High School Senior Essays

Luke Kenworthy, 17, was nervous on Ivy Day — the last Thursday in March, when all eight schools drop their admissions decisions.

He had already received a rejection from the Massachusetts Institute of Technology, was wait-listed by the University of Chicago and Carnegie Mellon University, and was deferred at Harvard University after applying early.

"I legitimately was convinced I wasn't going to get into any Ivy League schools," Kenworthy told Business Insider.

But his incredulity turned to shock and then excitement as he opened his decision letters and saw he'd been accepted nearly all of them — Harvard, Princeton, Brown, Cornell, Columbia, Dartmouth, and the University of Pennsylvania. He also received a wait-list spot from Yale.

The Ivy League is notoriously hard to get into, as the hundreds of thousands of other applicants to the eight elite schools are well aware. At Harvard, 5.2% of the nearly 40,000 applicants — about 2,000 — were accepted this year.

These schools look for the right mix of academic achievement and participation in extracurricular activities. Kenworthy, a senior at Mercer Island High School, near Seattle, has taken all the advanced-placement courses available at his school. (He favors his physics and comparative government AP coursework.) He also is heavily involved in student government and has taken mission trips to Serbia, Turkey, and Guatemala.

For Kenworthy, nailing his admissions essay was also important. After he was deferred from early action at Harvard, he felt compelled to change his essay topic. He worked with a mentor at CollegeVine— a junior at Duke University majoring in biochemical engineering — to improve his essay.

Kenworthy chose to write about a deeply personal childhood experience.

"To write an essay like that was a little bit weird for me, but also was very important to me, too," Kenworthy said. "The events that happened in my life very much shaped who I am."

Kenworthy graciously shared his Common Application admissions essay with Business Insider. It's reprinted verbatim below.

"The soft thumping of my dad's heart provided a small degree of solace as I cried with my head on his chest. I was in fifth grade. He had just told me that my mom, having been attacked by her boyfriend, was in the hospital. I remember being surprised with myself, surprised that I would be sad after all she had done. This was the same person who, when I was eight, threw a drunken party at our house for teens younger than I am now. This was the same person who would disappear after spending nights at the bar, the person who went to jail for trying to strangle my dad in an inebriated stupor. She had not been a part of my life for over a year since my dad received sole custody; I thought I had closure, that I was ready to move on. Yet, hot tears still ran down my cheek as I imagined her swollen face and the bruises on her arms.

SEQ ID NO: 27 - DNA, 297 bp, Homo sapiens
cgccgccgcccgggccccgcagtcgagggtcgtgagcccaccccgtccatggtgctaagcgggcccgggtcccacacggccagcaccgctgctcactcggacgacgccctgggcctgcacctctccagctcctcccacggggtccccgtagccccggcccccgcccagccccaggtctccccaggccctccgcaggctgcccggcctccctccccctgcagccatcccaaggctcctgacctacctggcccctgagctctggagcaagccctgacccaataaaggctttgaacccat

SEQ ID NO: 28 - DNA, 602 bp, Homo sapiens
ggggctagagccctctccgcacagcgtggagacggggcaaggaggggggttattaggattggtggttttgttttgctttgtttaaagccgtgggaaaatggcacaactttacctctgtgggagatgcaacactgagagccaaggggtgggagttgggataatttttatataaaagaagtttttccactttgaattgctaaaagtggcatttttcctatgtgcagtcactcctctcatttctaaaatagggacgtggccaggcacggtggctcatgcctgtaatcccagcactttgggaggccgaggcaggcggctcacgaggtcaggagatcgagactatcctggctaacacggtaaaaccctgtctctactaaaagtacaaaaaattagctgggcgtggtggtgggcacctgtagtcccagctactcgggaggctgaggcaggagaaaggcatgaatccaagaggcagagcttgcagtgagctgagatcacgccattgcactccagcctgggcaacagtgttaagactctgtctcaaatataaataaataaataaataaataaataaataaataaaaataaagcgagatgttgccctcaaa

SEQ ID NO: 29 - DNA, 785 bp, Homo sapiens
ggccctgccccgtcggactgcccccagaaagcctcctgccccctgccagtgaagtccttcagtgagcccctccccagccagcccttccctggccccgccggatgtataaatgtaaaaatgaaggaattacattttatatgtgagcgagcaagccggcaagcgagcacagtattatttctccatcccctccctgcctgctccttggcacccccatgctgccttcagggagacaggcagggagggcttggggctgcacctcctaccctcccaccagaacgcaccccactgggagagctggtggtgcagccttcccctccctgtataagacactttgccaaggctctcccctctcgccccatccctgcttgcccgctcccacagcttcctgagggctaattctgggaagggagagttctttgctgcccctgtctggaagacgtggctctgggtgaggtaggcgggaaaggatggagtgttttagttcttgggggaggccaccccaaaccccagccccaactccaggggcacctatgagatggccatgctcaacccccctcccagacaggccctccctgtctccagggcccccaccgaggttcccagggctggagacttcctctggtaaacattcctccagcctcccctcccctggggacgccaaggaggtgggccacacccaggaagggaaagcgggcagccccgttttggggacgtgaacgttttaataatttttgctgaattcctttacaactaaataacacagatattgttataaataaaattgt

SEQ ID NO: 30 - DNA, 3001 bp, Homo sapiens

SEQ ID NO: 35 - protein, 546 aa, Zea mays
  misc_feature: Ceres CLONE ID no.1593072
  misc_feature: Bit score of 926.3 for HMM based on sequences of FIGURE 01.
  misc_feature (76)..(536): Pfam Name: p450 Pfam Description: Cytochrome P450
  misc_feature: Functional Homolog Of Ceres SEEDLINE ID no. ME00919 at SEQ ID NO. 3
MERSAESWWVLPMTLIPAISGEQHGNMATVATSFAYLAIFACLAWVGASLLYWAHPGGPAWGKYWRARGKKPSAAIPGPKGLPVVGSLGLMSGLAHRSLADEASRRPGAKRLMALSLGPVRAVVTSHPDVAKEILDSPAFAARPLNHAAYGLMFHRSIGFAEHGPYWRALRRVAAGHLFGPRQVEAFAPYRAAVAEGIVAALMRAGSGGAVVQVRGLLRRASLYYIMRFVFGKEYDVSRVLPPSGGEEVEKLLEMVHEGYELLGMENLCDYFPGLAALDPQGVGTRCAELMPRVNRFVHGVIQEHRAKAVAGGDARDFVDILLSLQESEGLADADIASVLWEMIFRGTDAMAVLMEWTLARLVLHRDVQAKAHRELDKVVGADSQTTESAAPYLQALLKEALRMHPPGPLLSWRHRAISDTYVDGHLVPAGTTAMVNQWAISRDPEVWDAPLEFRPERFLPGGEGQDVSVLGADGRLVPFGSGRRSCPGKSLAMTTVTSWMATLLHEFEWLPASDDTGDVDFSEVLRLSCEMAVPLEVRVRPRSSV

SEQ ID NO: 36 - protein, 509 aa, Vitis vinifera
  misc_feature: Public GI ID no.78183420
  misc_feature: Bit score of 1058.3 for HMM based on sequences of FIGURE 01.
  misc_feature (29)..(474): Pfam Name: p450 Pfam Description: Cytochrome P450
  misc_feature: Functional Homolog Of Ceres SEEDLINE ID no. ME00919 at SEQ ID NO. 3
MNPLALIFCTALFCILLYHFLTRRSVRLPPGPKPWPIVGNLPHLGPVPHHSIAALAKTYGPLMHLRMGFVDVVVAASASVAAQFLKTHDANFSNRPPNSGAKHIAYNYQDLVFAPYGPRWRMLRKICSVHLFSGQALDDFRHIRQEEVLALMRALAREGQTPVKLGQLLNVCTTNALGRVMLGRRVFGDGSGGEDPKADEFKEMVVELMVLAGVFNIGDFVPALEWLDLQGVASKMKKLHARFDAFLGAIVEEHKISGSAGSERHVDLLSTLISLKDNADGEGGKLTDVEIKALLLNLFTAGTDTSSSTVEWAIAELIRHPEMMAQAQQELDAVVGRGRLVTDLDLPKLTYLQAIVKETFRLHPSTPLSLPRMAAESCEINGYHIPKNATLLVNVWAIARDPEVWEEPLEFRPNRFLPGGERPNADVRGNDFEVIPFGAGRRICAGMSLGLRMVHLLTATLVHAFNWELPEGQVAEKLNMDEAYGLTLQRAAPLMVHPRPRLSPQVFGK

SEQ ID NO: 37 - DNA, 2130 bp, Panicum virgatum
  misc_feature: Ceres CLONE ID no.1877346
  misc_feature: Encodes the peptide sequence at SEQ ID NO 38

"I had always been shy as a kid and the absence of my mom exacerbated this problem as I tried to unhealthily suppress my insecurities and fill her absence with others' approval. In sixth grade, I constantly sought the attention of a group of kids who, in turn, bullied me. Consequently, when I switched schools going into seventh grade, I was shy and timid, afraid to engage with new people. I pictured myself near the bottom of a rigid social hierarchy. The next year, I started to branch out more, but inside, I remained obsessed with how others perceived me.

"Entering high school, I would spend hours at a time thinking about my insecurity and talking through memories of my mom with my dad. During this time, I would always remember how I had stared numbly into the ripples of my dad's shirt as a fifth grader. I could never forget that feeling of helplessness, but with repeated reflection, I began to understand this moment in a different way. Given her circumstances — raised by an abusive, alcoholic father and a neglectful mother; involved in several dysfunctional relationships with controlling men; drinking to numb the injustices of life, but then realizing it was too late to stop — I have no way of knowing if my life would be any different from hers.

"For the first time, I began to understand an idea that has since granted me freedom: I cannot walk in my mom's shoes, and thus, no one else can truly walk in mine. The way others perceive me is inherently inaccurate, so I do not need to concern myself with what others think. This realization provided me the freedom to become untethered from the approval of others, finally at ease with myself.